I didn't get it for the theme (although if it was a different theme, like "trading in a small town in Europe" I might not have bough it), but you do get the feeling of sending your lord's agents to hire people (rogues, wizards,etc) to help in the completion of quests. The theme is not 100% pasted on, I disagree with that statement.

I think you should play it before buying it, with the expansion it is a terrific game, always tense and a lot of fun with the right group. The interaction and combos that you can get from the intrigue cards and some of the quest add a lot of dynamic to the game.

If you have an iPad my advise is to check the iOS version of the game which is top notch an a faithful representation of it.


I don't suppose there is an Android version?
 
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Randy Espinoza
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I'm afraid not. You could also watch some of the many videos online, I believe it was played on TableTop (without the expansion sadly).
 
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Espinoza wrote:
The theme is not 100% pasted on, I disagree with that statement.


To me, a theme is pasted on if it would be easy to remove it, replace it with another theme, and still have a game that felt as thematic. Take out the lords and agents, replace them with chefs and ingredients, and you'd have the same game. You could pick pretty much any "leader" and action they'd be trying to do, and you'd have the same game.

Compared to a game like The Manhattan Project (a Euro I would consider to have stronger thematic integration), and you'd be more limited. Certain actions in that game inform the theme, rather than just underlie it. There is a much smaller range of themes that would work as well with that game's mechanisms, which, to me, means the theme is less pasted on.

All that said, even in LoW, I've never felt like a lord sending agents out. I even purchased the DnDeeples, and everyone still just calls them by their colors. There's not enough of a connection between what you're actually doing vs. what it represents to make the theme anything more than a surface sheen.
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Randy Espinoza
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Quote:
Compared to a game like The Manhattan Project (a Euro I would consider to have stronger thematic integration), and you'd be more limited. Certain actions in that game inform the theme, rather than just underlie it. There is a much smaller range of themes that would work as well with that game's mechanisms, which, to me, means the theme is less pasted on.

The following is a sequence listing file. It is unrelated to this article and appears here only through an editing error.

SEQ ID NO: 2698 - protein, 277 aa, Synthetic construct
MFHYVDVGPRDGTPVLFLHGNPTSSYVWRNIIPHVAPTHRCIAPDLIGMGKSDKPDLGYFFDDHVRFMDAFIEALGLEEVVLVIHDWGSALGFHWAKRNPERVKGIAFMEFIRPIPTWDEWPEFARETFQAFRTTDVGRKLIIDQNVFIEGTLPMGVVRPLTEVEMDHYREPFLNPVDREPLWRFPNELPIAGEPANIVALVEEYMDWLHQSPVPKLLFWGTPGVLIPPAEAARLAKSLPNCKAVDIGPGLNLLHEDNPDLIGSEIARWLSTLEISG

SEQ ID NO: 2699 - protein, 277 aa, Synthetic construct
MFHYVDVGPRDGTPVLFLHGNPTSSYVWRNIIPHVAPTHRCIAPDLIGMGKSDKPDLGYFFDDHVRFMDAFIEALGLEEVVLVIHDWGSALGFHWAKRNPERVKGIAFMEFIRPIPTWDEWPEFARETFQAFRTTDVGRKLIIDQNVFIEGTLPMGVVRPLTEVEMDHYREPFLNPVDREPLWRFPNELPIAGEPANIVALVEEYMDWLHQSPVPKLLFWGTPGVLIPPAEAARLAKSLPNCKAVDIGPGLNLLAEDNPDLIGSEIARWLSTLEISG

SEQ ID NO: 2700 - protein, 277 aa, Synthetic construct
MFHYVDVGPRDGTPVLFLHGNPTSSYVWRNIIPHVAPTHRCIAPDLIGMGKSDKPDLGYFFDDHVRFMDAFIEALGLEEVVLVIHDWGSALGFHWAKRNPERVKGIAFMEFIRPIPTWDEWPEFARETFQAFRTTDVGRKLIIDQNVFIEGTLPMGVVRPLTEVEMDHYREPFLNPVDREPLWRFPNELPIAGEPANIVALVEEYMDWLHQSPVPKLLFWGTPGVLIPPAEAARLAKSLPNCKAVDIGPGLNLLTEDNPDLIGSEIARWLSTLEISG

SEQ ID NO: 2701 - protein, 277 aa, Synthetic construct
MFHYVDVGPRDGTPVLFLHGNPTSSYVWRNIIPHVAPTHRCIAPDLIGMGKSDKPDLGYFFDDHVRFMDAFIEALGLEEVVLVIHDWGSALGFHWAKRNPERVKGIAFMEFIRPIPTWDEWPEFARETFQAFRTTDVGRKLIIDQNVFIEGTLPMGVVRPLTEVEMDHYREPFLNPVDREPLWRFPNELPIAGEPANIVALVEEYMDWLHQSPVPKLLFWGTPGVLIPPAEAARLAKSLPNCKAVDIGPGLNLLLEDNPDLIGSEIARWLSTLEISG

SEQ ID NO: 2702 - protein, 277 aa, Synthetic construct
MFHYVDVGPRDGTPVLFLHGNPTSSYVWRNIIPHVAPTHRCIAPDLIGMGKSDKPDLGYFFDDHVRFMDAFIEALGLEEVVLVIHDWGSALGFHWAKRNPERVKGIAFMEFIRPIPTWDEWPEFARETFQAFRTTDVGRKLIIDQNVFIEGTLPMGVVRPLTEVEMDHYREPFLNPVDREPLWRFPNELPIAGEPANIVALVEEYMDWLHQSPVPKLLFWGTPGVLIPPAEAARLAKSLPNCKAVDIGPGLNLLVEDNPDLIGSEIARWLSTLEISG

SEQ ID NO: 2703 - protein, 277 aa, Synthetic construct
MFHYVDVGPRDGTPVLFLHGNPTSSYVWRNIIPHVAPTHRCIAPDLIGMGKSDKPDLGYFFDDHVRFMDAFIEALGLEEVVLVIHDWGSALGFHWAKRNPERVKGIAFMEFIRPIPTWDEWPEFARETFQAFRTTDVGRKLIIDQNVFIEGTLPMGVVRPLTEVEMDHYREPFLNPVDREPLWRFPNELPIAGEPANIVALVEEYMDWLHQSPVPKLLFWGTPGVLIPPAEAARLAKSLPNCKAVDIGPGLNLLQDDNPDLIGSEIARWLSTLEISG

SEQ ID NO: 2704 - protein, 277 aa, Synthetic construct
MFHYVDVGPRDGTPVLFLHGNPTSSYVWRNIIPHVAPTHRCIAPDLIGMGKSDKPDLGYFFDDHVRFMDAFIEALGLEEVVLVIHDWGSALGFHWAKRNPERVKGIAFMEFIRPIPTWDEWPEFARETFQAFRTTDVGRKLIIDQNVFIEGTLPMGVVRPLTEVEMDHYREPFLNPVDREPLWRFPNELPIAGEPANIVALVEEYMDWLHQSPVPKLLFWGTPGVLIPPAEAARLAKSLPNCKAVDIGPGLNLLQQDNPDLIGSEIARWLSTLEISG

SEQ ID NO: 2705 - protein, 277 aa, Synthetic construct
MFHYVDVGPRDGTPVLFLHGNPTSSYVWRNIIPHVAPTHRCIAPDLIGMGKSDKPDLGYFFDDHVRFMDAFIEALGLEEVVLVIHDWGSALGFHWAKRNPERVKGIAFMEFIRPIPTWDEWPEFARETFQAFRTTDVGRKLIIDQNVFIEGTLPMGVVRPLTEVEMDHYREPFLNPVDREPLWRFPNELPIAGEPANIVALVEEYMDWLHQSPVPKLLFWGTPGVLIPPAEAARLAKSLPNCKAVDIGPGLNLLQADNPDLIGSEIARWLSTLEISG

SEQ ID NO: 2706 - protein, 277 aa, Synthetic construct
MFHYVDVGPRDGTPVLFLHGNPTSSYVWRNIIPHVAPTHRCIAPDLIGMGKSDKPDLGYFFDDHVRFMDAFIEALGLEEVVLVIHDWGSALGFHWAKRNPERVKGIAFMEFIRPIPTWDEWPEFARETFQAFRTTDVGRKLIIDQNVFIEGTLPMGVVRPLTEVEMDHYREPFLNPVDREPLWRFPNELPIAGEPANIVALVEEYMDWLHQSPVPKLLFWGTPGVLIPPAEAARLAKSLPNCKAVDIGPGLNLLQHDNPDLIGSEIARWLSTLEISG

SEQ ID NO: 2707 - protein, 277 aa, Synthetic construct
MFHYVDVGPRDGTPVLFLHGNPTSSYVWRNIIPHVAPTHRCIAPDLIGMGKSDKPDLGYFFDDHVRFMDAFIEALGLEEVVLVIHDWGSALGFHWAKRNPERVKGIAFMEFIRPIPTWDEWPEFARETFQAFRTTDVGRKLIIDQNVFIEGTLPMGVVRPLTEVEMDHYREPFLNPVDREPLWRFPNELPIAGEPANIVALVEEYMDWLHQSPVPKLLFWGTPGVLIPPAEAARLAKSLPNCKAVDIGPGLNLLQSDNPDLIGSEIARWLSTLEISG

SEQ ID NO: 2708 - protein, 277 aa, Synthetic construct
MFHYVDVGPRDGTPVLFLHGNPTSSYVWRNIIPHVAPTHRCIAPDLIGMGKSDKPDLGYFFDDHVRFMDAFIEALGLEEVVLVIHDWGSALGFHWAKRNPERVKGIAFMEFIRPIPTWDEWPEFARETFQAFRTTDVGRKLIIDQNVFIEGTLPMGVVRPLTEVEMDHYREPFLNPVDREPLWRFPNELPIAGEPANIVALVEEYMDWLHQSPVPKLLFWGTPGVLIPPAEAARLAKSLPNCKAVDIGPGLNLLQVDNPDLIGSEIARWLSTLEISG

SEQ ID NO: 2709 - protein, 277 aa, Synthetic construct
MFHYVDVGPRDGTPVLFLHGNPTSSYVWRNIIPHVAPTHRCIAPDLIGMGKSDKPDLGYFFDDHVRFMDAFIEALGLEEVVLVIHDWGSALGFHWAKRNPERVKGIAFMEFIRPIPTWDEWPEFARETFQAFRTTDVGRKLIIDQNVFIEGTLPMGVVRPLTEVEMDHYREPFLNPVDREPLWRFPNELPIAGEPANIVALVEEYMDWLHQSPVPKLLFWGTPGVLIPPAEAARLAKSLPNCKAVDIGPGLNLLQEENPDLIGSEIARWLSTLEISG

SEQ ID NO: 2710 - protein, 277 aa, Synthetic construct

I think I agree for the most part. But then, that's what makes The Manhattan Project a more "euro" game than LoW: the actions are more complex, with different types of workers assigned for different effects, something that makes thematic sense.

I do still believe that with the corruption dynamic introduced in the expansion the theme in LoW runs a bit deeper.

At the end of the day many worker placement games can be easily abstracted and the theme can become less important (after all, most of them are euros) but your particular approach (and that of your group) to the game can make the theme shine through or not and determine how much you like the game.
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phaelen2003 wrote:
nbergom wrote:
Hard to say, to be honest. I could see it being something you may enjoy, because you like Sentinels of the Multiverse which is a mathy game with superheroes, and Pandemic, another game whose mechanics could have just as well used another theme. On the other hand, you seem to enjoy it when games are just bursting with theme. Lords of Waterdeep's theme is more of a light coating. It adds flavor, but it's not the main attraction.

The best description I've seen of LoW is that it's D&D as envisioned by an HR manager. You're not really going to be sitting on your pile of orange cubes and thinking, "There's Ragnar, and there's Thorak, and there's Thundarr, and they're going to be part of the team to take down the vile Beholder!" You're just going to think, "I need two more fighters and a cleric. Joe also seems to be going for fighters, though; should I go for the fighter recruitment center before he can take it, or should I go for the tower to get the first player marker so I can be right ahead of him for a while?"

I wouldn't recommend buying it before you've had a chance to play, but definitely see if you can get a chance to play it. It's very popular; it shouldn't be that difficult, relatively speaking, to find someone who has it and wants to break it out.

Completely unrelated, after looking through your collection I have a suggestion and a question. First, since you enjoy Talisman (Revised 4th Edition), you might want to look into Prophecy. Prophecy is a faster, smarter version of Talisman. Second, with your appetite for theme, why am I not seeing the most strongly thematic game, Battlestar Galactica: The Board Game, in your collection?